CEOs of Highmark and UPMC disagree on substance of phone call
Icy relations between Pittsburgh health care titans UPMC and Highmark show no sign of thawing.
How bad is it? The two sides can't even agree on the substance of a phone call between Highmark CEO William Winkenwerder and UPMC CEO Jeffrey Romoff.
Winkenwerder on Thursday said he and Romoff spoke by phone in December and agreed to “get together” to talk about their stalemate over a new contract giving Highmark members access to UPMC hospitals once an agreement ends Dec. 31, 2014.
A meeting with Romoff could take place in the “coming weeks to months,” he said, although no date had been set.
But UPMC spokesman Paul Wood called Winkenwerder's characterization of the call “complete and utter fabrication.” He described the December call as simply one CEO wishing another happy holidays, and nothing more. The two CEOs spoke after Romoff returned a call from Winkenwerder.
UPMC, the largest hospital network in Western Pennsylvania, has no interest in talks on a new contract with Highmark, Wood said. Highmark, the state's largest health insurer, wants the UPMC relationship to be extended. Once the reimbursement contract expires, Highmark's more than 2 million members in Western Pennsylvania won't have in-network access to most of UPMC's 19 hospitals.
The organizations have been at odds since June 2011, when Highmark announced plans to buy West Penn Allegheny Health System and convert itself into an integrated hospital and health insurance system. The battle has included a lawsuit in which Highmark accused UPMC of false advertising and claims that UPMC unfairly denied service to Highmark members who subscribed to a limited network health plan called Community Blue.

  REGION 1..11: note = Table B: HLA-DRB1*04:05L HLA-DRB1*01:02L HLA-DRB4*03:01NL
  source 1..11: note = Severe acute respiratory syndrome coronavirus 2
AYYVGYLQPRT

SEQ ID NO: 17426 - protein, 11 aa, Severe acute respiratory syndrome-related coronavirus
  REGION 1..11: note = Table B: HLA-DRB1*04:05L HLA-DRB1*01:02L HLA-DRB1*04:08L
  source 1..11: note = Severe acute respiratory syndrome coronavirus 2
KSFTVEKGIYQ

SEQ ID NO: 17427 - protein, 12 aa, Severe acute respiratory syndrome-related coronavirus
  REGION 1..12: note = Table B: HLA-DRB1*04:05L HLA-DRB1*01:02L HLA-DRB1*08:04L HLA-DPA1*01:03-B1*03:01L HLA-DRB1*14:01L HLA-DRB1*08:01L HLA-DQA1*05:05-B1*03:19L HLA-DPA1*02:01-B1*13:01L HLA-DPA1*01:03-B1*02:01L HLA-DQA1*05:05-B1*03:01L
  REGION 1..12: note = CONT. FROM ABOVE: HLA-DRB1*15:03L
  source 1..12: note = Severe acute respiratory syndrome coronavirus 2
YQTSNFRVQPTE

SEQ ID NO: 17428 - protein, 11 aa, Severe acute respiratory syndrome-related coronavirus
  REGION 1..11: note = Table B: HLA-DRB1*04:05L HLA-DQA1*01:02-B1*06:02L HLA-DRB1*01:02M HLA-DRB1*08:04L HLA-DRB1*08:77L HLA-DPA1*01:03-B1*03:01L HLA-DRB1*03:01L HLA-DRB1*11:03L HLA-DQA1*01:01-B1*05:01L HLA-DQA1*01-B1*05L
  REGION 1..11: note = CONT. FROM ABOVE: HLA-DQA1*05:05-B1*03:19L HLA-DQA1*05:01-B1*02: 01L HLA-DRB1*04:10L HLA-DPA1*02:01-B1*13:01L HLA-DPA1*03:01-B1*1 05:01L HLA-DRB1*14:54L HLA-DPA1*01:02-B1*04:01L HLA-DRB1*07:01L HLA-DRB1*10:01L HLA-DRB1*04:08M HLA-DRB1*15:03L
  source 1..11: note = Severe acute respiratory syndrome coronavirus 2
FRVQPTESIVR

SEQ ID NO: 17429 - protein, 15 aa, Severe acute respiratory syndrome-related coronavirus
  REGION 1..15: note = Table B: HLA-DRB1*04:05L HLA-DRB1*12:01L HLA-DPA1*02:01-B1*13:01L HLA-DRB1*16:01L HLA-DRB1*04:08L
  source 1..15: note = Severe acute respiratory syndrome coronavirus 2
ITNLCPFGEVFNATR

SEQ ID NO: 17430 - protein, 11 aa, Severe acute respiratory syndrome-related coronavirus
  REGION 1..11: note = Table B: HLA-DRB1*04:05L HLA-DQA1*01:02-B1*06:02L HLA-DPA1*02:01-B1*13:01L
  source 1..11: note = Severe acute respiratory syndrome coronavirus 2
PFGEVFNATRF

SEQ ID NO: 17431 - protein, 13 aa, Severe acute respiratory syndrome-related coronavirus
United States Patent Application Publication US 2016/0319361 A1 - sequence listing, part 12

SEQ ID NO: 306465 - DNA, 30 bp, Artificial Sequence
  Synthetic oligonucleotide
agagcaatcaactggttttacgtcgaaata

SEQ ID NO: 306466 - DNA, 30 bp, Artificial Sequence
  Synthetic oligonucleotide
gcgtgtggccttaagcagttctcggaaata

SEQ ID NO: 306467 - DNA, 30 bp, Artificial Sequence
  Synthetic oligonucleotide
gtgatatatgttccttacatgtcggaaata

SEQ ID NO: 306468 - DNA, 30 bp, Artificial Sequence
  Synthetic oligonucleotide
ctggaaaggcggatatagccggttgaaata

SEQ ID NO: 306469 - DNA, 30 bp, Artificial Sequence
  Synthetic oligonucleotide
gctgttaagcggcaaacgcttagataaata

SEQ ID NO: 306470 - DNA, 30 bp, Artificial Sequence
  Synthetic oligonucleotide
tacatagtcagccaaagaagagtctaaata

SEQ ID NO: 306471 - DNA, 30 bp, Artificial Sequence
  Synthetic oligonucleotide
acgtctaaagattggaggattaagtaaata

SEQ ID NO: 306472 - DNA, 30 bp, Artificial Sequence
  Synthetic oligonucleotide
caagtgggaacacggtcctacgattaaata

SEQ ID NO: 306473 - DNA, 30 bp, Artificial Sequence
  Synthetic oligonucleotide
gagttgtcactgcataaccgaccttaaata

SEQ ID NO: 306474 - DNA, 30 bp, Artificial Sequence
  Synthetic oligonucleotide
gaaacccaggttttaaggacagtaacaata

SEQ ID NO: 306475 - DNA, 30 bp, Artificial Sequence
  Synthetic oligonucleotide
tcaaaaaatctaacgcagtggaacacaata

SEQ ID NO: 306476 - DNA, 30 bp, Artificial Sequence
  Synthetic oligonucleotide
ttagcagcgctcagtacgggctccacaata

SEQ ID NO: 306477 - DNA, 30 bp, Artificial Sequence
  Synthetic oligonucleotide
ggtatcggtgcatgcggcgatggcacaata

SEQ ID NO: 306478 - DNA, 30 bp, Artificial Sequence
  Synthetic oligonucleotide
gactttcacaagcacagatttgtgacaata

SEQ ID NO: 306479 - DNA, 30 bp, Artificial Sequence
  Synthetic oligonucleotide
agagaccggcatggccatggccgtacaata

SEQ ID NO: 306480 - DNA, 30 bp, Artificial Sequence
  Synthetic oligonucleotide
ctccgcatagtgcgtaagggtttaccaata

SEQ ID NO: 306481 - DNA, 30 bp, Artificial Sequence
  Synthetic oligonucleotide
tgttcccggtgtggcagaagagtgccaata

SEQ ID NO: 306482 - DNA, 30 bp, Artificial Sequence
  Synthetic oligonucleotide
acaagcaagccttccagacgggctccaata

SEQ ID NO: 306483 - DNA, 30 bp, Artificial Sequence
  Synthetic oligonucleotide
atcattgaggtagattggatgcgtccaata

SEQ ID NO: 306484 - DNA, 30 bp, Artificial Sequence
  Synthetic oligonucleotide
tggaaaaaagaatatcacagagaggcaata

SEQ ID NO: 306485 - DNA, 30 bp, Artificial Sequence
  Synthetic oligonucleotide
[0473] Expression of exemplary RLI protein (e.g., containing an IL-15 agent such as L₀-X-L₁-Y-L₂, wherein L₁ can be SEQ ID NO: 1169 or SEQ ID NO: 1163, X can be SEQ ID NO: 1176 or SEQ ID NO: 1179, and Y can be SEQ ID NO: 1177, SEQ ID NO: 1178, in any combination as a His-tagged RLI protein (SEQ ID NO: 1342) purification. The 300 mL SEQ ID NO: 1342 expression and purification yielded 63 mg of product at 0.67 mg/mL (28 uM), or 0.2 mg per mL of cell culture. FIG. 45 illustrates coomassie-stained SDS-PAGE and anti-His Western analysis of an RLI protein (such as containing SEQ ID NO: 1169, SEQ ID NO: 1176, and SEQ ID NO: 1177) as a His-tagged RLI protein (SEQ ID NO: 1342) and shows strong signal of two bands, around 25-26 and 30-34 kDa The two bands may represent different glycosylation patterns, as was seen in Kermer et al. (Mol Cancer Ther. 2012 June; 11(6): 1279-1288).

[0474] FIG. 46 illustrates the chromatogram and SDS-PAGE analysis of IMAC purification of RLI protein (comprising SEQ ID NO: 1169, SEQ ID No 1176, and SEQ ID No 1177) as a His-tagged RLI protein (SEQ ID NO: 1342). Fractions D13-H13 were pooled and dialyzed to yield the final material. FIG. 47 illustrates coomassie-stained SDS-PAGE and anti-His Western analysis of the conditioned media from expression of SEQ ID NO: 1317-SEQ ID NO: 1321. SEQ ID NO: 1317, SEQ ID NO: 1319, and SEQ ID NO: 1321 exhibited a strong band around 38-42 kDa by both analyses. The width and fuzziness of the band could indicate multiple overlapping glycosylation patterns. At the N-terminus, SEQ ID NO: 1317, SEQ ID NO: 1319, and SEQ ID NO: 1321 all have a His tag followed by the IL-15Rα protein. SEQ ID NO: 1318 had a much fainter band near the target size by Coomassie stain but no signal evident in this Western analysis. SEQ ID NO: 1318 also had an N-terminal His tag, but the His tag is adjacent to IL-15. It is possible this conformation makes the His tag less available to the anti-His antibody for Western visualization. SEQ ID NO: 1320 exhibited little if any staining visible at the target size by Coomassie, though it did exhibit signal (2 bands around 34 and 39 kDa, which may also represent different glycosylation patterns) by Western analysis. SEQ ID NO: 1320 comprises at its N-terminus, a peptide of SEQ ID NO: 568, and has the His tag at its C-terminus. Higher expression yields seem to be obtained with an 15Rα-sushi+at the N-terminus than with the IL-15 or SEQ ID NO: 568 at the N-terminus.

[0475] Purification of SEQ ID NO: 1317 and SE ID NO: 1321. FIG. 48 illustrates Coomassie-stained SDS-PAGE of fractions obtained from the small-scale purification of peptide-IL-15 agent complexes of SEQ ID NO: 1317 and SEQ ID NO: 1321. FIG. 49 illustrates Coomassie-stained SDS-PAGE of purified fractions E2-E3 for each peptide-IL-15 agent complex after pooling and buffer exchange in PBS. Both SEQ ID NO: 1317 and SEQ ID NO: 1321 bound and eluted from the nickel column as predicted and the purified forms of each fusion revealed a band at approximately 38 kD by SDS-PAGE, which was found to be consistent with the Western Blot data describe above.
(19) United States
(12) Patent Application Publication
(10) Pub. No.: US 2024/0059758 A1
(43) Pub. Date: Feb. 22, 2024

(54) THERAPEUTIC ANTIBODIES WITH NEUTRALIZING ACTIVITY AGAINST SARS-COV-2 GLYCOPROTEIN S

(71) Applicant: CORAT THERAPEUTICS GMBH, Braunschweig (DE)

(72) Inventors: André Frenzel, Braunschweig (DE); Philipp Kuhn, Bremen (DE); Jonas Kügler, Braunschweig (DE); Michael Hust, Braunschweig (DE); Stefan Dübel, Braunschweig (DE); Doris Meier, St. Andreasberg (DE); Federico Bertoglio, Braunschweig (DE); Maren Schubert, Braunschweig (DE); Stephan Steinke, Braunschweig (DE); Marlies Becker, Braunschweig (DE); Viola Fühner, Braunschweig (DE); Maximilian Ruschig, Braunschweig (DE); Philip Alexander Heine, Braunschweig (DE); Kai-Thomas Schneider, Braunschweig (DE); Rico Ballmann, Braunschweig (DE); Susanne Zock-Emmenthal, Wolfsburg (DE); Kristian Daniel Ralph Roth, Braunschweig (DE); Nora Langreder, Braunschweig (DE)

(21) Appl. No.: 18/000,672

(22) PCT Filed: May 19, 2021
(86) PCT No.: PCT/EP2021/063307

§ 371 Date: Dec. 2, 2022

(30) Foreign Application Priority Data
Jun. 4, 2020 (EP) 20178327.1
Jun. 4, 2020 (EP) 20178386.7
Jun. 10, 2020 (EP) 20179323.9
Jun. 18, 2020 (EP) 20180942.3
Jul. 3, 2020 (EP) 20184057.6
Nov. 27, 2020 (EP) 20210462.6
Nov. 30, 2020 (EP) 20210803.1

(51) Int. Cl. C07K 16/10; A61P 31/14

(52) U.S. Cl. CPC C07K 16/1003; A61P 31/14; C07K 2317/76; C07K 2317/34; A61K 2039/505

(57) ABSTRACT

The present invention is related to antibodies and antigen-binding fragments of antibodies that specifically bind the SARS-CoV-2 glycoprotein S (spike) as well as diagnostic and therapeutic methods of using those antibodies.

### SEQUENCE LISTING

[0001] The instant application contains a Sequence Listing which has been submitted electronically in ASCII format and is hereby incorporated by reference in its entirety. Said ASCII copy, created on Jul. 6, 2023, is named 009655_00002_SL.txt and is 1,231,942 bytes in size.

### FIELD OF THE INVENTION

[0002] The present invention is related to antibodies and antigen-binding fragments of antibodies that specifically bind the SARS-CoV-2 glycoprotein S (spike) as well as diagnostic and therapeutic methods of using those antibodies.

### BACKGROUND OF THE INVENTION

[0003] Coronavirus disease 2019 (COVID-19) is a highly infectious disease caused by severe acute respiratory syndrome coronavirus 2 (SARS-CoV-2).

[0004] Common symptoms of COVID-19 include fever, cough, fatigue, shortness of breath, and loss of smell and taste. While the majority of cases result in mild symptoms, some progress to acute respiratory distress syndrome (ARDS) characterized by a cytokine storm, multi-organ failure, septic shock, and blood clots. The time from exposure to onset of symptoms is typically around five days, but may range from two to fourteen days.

The state Insurance Department is reviewing Highmark's $1.1 billion acquisition of financially troubled West Penn Allegheny, which owns five hospitals. Winkenwerder, who spoke to reporters after a meeting of the Pittsburgh Technology Council at a Downtown hotel, said he's “optimistic that there will be a favorable decision” by the department. Highmark has asked for a decision by April 30.
Meanwhile, a letter from a group of state senators called on Gov. Tom Corbett to make Highmark's acquisition of West Penn Allegheny include the condition that Highmark create a transition plan for life after UPMC.
“Requiring a transition plan as part of any approval will give consumers the knowledge and predictability they need to make choices on insurance and medical care,” said the letter, which was signed by Sens. Don White, R-Indiana and chairman of the Senate Banking and Insurance Committee; Kim Ward, R-Hempfield; Elder Vogel, R-Butler County, and Robert Robbins, R-Mercer.
“Upon your administration issuing approval of the WPAHS acquisition, the lack of a clear transitional plan will result in a confused public while paralyzing the health insurance marketplace,” the letter said. Neither Corbett nor the Insurance Department had seen the letter as of Thursday, spokespeople said.
Alex Nixon is a staff writer for Trib Total Media. He can be reached at 412-320-7928 or firstname.lastname@example.org.